In a colloborative medical study published in British health journal, The Lancet, a composite of Professors and Doctors examined challenges to health and health systems in the CIS region. The study, entitled ‘Health and health systems in the Commonwealth of Independent States’ takes a look at the life expectancy rates in the Post-Sovietcountries, and the factors underpinning these statistics. The article elaborates, “Life expectancies dropped steeply in the 1990s, and several countries have yet to recover the levels noted before the dissolution of the Soviet Union. Cardiovascular disease is a much bigger killer in the Commonwealth of Independent States than in western Europe because of hazardous alcohol consumption and high smoking rates in men, the breakdown of social safety nets, rising social inequality, and inadequate health services.”
Martin McKee, a professor of European public health at the London School of Hygiene and Tropical Medicine, explained that rife alcohol consumption in the Post-Soviet states was the key contributor to low-life expectancy and disease in these regions:
“What’s going on? Well, a number of things but one of the key points — particularly in Russia, Ukraine, Belarus, and the north Slavic states — [is] alcohol, a huge problem with alcohol. Vodka? Yes, but that’s not the main issue, that’s not what is killing the majority of the people.”
The article also explains that alcohol is related to up to six out of every 10 deaths among working-age men and one in three among working-age women in Russia.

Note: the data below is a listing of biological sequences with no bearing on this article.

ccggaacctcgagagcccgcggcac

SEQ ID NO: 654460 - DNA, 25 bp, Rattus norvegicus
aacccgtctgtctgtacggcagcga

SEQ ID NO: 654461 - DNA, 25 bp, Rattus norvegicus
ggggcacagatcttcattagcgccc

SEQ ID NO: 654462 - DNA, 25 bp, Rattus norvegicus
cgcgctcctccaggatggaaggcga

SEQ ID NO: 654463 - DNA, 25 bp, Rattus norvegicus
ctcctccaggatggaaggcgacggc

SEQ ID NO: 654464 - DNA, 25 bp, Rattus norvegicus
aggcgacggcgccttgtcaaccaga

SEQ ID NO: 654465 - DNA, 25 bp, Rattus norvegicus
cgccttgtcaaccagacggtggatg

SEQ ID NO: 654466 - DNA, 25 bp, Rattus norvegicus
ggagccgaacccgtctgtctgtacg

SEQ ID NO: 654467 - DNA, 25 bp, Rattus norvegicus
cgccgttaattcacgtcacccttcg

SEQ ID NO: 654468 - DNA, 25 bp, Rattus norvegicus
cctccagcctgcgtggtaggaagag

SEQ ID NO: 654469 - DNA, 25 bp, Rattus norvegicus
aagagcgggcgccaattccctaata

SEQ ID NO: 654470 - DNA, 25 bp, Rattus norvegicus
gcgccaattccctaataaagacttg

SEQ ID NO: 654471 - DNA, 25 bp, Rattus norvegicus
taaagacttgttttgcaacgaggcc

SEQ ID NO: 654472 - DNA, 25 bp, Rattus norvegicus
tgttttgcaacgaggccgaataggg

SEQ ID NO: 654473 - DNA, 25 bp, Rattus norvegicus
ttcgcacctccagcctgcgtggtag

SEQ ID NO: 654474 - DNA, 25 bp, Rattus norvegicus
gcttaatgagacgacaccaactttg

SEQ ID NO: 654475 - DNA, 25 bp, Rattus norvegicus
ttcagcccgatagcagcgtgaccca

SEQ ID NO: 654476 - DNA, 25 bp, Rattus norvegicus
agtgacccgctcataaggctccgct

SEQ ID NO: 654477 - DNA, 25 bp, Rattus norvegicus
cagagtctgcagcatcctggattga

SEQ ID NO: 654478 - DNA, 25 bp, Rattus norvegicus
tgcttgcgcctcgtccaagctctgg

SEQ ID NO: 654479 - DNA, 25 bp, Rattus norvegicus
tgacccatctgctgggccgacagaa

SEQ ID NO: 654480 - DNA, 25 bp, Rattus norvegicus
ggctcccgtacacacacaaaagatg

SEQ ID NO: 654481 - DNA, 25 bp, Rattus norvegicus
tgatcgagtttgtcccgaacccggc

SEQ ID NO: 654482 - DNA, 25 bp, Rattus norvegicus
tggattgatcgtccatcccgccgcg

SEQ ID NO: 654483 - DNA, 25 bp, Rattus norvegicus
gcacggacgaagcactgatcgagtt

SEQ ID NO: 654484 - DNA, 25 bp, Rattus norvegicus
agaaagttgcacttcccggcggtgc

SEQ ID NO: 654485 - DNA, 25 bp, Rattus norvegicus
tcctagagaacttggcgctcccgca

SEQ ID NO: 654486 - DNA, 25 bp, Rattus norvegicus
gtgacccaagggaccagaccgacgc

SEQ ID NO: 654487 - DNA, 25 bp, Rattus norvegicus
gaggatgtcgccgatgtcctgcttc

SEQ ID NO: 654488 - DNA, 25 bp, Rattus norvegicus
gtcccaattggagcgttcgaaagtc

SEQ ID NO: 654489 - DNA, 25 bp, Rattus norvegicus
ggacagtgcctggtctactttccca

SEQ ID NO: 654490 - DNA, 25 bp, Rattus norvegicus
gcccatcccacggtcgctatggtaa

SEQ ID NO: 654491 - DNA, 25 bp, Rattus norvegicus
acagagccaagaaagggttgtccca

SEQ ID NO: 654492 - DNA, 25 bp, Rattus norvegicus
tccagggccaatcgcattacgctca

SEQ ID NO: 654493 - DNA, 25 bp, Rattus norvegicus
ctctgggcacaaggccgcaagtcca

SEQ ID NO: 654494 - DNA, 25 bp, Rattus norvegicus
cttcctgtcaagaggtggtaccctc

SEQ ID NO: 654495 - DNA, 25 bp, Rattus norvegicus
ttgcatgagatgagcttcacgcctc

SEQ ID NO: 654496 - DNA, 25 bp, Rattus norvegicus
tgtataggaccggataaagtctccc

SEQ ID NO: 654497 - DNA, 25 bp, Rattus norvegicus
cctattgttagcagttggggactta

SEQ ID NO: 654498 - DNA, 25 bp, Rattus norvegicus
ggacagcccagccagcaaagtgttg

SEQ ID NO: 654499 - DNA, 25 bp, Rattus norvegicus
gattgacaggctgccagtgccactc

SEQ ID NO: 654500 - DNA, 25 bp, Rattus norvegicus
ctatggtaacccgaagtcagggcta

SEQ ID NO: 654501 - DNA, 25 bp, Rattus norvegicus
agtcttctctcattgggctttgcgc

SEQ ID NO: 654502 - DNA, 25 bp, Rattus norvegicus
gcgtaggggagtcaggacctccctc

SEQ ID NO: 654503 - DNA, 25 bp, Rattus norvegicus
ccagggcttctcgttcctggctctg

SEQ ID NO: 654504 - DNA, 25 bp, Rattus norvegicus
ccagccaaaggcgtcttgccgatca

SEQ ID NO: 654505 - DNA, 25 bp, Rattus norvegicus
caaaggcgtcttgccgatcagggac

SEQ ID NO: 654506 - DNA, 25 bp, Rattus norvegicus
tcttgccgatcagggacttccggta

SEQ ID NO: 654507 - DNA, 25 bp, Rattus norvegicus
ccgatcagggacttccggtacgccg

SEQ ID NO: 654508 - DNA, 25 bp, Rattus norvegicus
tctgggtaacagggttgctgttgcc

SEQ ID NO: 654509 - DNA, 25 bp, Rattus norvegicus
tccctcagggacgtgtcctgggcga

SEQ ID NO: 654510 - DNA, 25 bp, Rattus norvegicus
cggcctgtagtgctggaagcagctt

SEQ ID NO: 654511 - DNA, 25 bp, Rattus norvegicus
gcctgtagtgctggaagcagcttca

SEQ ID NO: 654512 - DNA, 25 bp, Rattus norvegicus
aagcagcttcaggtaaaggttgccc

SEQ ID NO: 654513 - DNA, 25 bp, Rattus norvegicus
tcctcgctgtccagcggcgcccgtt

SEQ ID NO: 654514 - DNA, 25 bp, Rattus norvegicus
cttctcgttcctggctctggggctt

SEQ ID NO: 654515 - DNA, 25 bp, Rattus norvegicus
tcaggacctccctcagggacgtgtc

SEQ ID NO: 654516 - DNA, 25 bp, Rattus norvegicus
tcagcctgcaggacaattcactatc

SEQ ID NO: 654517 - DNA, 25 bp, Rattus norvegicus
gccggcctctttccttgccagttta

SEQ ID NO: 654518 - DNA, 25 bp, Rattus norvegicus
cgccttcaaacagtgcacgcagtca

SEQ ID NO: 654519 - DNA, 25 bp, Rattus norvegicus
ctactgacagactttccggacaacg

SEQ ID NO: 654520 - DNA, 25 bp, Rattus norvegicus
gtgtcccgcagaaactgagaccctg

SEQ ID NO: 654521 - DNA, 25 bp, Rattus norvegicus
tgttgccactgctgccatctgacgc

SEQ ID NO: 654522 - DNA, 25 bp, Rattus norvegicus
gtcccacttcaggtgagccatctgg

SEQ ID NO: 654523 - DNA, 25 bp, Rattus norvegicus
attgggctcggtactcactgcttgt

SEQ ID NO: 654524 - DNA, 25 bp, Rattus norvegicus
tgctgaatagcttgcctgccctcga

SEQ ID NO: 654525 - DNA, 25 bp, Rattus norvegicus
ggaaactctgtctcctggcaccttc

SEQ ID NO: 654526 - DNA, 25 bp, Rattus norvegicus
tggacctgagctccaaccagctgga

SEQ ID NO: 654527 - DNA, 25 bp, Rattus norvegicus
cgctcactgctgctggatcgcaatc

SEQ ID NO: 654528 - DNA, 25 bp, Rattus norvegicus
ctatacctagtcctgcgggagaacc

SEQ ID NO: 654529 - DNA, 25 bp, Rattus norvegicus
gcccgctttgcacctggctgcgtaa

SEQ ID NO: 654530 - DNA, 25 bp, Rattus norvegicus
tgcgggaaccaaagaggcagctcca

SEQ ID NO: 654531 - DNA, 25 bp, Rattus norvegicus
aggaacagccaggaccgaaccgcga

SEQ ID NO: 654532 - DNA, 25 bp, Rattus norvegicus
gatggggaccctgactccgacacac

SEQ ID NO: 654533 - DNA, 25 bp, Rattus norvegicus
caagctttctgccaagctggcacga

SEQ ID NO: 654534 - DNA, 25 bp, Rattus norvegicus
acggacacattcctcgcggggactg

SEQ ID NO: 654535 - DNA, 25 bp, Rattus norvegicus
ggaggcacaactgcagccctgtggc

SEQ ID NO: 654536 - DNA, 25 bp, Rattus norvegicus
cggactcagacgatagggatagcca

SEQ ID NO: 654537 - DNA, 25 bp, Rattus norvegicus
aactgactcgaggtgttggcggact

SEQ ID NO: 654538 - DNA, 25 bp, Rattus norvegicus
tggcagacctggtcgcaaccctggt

Life expectancy rates have fallen in many of the CIS countries, particularly male life expectancy. Belarus and Ukraine saw a drop in male life expectancy–falling from 66 years in 1990 to 64 in 2009 in Belarus, and in Ukraine it declined from 65 years in 1990 to 62 in 2009. Other nations have seen little or no change in life expectancy rates. In general, life expectancy in the CIS is currently around 12 years lower for men and eight years lower for women than in the European Union.
Concurrent to ‘Health and health systems in the Commonwealth of Independent States’, Forbes published a comparative analysis of Russia’s population demographics versus those of the Baltic States. The Baltics, often lauded for their quick recovery after the 2008 financial crisis, are perhaps not as great a success story as they appear to be, Forbes suggests. From the pure perspective of numbers, Russia is aided by a large number of migrants from Central Asia, while the Baltics are consistently drained as from exporting large numbers of people to other, wealthier, parts of the EU. Forbes‘ contributor Max Adomanis explains:
“…There was a substantial period of time where Russia was the laggard and where it was significantly under-performing in comparison to its neighbors. However, since 2005, there has been a very noticeable turnaround and Russia’s population dynamics have consistently improved while the Baltics’ have either stagnated or worsened.”
“I have been so consistently dismissive of the Baltics’ economic performance after the financial crisis. It’s not because of an economic theory or some ideological fixation, it is because their own citizens behavior indicates that things aren’t going very well. Birth rates in the Baltics have consistently fallen for the past several years, and are now, on average, about 20% lower than in Russia. That hardly seems like the sort of performance anyone should brag about.”
Others have argued that comparing the Baltics to Russia is a non-starter, as Russia has a current population of nearly 142 million people, while the Baltic States have a combined population of less than 7 million.